Daimler AG plans spin off its trucks business in a move that underscores how conventional auto builders are scrambling to boost their stock market value, AutoMobilSport reported on Thursday.
Daimler AG will split up into the world's biggest manufacturers of luxury sedans and commercial vehicles, rebranding itself Mercedes-Benz and listing its truck division, to be named Daimler Truck, as a separate entity by year-end.
The Stuttgart-based company said it would hand over a "significant majority" of shares in its trucks business to company shareholders by end of the year as it hopes to focus on developing luxury electric vehicles and automotive software in the coming months, The Wall Street Journal said.
Investors welcomed the news, pushing Daimler's shares up almost 9% to 64.56 euros ($77.67) in Frankfurt on Wednesday, their highest close since May 2018.
Daimler wants to have a piece of the "Mercedes-Benz" identity to better differentiate its plans for the future. Mercedes-Benz would take care of cars that run on batteries, while Daimler Truck would pursue sustainable solutions for zero-emissions for its massive trucks and busses, Sean Szymkowski of Road Show said.
"This is a historic moment for Daimler. It represents the start of a profound reshaping of the company," Ola Källenius, chairman of Daimler's board of management, said in in a statement quoted by Greg Gardner of Forbes.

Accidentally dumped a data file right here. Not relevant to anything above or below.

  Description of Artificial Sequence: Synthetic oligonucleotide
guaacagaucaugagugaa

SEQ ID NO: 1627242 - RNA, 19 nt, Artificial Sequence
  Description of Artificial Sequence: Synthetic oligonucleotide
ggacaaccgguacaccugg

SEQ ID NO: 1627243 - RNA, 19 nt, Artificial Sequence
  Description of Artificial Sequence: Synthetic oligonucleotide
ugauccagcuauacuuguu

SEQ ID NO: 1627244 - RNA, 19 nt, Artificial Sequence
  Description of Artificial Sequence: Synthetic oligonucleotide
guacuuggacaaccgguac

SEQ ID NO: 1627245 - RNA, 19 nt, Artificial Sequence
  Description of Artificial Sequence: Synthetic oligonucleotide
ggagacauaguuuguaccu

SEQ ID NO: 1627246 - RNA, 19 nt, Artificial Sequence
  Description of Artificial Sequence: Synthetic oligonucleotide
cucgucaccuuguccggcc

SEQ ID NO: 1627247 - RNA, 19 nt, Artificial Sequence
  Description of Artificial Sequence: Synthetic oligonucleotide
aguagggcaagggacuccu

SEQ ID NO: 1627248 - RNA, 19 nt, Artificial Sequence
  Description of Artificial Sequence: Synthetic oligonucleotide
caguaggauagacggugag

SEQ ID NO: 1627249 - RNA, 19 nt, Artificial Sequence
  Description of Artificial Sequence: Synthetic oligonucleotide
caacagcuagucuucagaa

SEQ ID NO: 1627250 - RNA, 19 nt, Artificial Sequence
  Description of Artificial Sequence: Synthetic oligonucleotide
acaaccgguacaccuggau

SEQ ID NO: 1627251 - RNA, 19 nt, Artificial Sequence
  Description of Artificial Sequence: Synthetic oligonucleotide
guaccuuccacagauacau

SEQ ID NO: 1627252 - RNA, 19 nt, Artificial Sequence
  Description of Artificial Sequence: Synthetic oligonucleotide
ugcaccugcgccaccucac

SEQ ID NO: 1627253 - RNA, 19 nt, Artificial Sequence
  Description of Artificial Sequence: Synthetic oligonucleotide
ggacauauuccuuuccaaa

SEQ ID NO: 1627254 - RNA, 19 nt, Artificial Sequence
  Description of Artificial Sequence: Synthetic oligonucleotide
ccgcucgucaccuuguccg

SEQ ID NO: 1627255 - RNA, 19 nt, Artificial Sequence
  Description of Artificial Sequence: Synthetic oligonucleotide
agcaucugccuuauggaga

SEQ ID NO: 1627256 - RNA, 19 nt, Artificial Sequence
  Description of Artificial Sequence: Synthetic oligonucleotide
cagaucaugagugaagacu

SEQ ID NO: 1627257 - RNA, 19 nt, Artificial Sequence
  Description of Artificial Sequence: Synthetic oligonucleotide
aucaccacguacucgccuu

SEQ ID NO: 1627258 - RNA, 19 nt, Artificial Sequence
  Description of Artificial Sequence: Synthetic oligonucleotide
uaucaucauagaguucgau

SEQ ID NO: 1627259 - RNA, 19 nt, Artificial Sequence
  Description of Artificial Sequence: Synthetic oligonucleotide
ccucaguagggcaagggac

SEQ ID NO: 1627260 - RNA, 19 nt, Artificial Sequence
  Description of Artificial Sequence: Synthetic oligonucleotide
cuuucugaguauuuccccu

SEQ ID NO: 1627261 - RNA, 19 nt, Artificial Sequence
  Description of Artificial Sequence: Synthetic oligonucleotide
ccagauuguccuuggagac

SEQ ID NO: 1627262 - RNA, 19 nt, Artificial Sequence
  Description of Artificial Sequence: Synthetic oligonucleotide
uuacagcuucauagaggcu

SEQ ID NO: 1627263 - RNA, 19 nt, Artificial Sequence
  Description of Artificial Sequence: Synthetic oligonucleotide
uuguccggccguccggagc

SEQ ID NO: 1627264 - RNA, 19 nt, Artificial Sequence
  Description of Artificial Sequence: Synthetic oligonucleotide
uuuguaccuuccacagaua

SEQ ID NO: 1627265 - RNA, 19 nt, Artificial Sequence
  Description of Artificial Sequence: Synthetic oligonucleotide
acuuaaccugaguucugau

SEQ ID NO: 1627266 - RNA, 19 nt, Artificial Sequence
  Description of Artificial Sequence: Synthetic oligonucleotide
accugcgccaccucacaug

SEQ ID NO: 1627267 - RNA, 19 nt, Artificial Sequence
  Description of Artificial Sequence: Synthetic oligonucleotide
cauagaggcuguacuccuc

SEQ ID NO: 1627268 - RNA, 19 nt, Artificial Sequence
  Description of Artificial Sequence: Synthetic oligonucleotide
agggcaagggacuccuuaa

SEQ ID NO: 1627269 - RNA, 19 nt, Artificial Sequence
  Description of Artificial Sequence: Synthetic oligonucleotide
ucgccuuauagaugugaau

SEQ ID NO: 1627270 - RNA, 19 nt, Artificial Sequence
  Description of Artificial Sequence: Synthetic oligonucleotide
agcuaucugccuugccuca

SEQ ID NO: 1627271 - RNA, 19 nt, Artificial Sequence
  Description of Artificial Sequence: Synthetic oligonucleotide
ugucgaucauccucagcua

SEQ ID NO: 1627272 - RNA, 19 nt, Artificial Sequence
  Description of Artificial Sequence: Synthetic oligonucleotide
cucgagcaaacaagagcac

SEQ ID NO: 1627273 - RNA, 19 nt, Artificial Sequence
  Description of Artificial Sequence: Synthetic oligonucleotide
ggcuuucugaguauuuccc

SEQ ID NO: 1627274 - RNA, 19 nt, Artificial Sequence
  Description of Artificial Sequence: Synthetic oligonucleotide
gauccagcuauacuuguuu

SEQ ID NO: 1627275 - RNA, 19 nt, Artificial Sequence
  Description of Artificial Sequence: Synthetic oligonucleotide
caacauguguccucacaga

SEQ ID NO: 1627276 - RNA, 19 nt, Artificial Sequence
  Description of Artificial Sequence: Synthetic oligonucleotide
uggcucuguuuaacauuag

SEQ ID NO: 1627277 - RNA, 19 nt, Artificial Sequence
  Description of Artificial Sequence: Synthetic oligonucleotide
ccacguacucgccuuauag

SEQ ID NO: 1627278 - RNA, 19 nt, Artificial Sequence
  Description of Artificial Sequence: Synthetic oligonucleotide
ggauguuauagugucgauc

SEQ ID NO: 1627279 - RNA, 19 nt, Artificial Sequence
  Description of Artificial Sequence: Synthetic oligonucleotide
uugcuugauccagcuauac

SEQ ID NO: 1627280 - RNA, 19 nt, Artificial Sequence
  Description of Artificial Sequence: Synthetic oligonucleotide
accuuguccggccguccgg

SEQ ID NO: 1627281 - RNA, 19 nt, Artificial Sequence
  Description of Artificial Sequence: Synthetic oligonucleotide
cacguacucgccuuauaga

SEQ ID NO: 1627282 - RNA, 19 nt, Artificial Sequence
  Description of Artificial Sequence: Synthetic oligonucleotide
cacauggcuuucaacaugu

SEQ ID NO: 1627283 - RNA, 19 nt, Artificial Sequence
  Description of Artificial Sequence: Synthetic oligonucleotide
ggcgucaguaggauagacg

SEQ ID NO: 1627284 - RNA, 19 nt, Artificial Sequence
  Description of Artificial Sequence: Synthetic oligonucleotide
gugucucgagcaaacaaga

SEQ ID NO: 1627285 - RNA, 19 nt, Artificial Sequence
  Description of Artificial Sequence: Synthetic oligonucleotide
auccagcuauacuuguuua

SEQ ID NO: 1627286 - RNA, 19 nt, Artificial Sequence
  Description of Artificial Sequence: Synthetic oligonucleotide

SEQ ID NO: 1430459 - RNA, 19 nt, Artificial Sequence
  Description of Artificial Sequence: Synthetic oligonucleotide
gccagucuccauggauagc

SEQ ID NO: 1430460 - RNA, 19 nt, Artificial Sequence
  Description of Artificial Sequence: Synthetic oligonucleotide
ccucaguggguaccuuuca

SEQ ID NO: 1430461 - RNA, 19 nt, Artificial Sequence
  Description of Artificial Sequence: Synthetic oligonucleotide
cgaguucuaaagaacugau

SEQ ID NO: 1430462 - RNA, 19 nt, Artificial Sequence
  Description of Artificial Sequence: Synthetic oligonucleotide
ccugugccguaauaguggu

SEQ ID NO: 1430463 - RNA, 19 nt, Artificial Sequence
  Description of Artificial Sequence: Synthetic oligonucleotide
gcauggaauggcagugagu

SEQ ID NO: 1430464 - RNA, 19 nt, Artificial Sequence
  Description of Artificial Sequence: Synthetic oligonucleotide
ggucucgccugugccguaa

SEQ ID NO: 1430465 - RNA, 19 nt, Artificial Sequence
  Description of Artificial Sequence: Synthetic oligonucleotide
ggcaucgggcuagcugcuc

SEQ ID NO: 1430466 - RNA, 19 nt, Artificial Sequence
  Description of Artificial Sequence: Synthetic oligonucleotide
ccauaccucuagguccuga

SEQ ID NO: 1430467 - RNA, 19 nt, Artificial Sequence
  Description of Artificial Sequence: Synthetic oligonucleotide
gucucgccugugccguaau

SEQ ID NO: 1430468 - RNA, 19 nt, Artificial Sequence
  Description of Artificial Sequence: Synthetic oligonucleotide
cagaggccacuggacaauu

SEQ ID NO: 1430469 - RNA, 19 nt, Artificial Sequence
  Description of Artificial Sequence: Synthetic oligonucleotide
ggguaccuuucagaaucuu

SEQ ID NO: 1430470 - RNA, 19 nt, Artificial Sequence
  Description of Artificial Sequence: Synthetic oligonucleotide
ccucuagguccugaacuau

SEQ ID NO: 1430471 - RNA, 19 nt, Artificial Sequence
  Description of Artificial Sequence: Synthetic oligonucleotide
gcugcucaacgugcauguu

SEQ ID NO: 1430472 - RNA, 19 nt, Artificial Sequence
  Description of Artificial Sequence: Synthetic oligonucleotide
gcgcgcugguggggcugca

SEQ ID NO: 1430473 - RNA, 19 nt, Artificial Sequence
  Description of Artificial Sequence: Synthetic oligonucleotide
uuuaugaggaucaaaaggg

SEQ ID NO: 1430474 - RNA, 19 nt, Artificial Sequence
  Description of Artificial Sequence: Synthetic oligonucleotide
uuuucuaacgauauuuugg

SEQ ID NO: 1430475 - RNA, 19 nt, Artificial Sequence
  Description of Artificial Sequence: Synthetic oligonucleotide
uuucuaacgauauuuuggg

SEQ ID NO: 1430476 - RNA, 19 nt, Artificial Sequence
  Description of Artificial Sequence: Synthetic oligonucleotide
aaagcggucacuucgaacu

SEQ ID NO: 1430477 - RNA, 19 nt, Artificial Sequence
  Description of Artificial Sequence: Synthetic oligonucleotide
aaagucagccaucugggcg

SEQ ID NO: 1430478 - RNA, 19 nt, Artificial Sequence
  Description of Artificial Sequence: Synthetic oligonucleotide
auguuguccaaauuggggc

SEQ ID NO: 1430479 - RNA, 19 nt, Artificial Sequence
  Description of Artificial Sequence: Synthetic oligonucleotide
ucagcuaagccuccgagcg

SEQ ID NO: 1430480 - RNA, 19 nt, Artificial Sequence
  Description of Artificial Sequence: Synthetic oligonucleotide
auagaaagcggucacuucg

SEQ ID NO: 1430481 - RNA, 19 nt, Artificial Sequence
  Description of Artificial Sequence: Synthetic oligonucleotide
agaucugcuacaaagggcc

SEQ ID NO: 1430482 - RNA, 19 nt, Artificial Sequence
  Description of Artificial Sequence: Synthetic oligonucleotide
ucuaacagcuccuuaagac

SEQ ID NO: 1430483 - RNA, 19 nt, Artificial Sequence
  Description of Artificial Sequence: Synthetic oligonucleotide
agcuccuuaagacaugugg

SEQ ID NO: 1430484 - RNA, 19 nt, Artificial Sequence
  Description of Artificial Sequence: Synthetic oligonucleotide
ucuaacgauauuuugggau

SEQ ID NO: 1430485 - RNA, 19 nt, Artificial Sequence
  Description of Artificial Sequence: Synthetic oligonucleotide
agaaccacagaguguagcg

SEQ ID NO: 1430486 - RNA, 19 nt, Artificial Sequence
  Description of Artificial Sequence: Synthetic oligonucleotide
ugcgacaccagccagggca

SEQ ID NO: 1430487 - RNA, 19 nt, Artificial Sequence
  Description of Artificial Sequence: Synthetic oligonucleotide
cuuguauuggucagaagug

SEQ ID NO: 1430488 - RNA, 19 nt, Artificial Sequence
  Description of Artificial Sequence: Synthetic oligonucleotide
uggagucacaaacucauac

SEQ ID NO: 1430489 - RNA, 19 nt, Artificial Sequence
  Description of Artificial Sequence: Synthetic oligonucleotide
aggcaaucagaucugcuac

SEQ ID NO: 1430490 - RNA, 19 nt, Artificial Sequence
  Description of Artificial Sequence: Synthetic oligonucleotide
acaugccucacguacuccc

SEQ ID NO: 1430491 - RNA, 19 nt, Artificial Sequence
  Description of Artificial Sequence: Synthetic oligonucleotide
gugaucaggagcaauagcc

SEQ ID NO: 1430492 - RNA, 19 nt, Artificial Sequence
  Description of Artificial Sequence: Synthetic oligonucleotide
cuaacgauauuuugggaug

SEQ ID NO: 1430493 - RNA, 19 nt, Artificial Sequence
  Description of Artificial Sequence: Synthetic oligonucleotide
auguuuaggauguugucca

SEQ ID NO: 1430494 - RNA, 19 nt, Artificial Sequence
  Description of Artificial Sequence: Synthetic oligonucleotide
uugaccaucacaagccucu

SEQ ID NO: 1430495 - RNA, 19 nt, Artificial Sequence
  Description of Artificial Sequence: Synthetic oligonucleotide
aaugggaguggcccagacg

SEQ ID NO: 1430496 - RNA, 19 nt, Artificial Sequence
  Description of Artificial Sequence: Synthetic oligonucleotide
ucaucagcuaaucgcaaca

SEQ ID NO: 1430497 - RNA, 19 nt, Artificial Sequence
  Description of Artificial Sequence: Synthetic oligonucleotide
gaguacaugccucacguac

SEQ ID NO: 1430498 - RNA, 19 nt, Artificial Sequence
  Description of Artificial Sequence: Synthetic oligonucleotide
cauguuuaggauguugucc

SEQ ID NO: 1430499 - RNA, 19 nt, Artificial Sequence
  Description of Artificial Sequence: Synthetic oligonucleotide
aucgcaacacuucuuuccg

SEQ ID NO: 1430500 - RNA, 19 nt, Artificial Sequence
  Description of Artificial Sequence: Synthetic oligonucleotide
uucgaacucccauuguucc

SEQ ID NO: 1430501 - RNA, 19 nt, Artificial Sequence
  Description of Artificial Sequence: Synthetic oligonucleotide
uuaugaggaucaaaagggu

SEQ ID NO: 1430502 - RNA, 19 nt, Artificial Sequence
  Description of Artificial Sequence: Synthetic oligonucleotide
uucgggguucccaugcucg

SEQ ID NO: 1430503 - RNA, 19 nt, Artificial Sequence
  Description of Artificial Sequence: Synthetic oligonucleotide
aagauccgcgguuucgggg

"Mercedes-Benz Cars & Vans and Daimler Trucks & Buses are different businesses with specific customer groups, technology paths and capital needs," Gardner said.
According to Reuters, Daimler's decision to divide itself follows the moves of other German auto makers like Siemens AG, after stakeholders pressed board executives to split up conglomerates.
The break-up also accentuates the Mercedes-Benz luxury car brand to challenge Tesla, BMW, Porsche and other car companies competing in the electric, premium vehicles market.
In the truck business, Daimler faces traditional competitors like Sweden's AB Volvo, Volkswagen AG unit Traton and Paccar.
In a statement, Chief Executive Officer Ola Kallenius said the Daimler truck units and the Mercedes-Benz cars are "different businesses with specific customer groups, technology paths and capital needs."
Daimler AG's truck and bus unit has more than 100,000 staff and builds Thomas Built buses and Freightliner trucks. It has manufacturing plants globally, including in Woerth and Gaggenau, Germany, Cleveland, Ohio, Sao Bernardo do Campo, Brazil, and Portland, Oregon.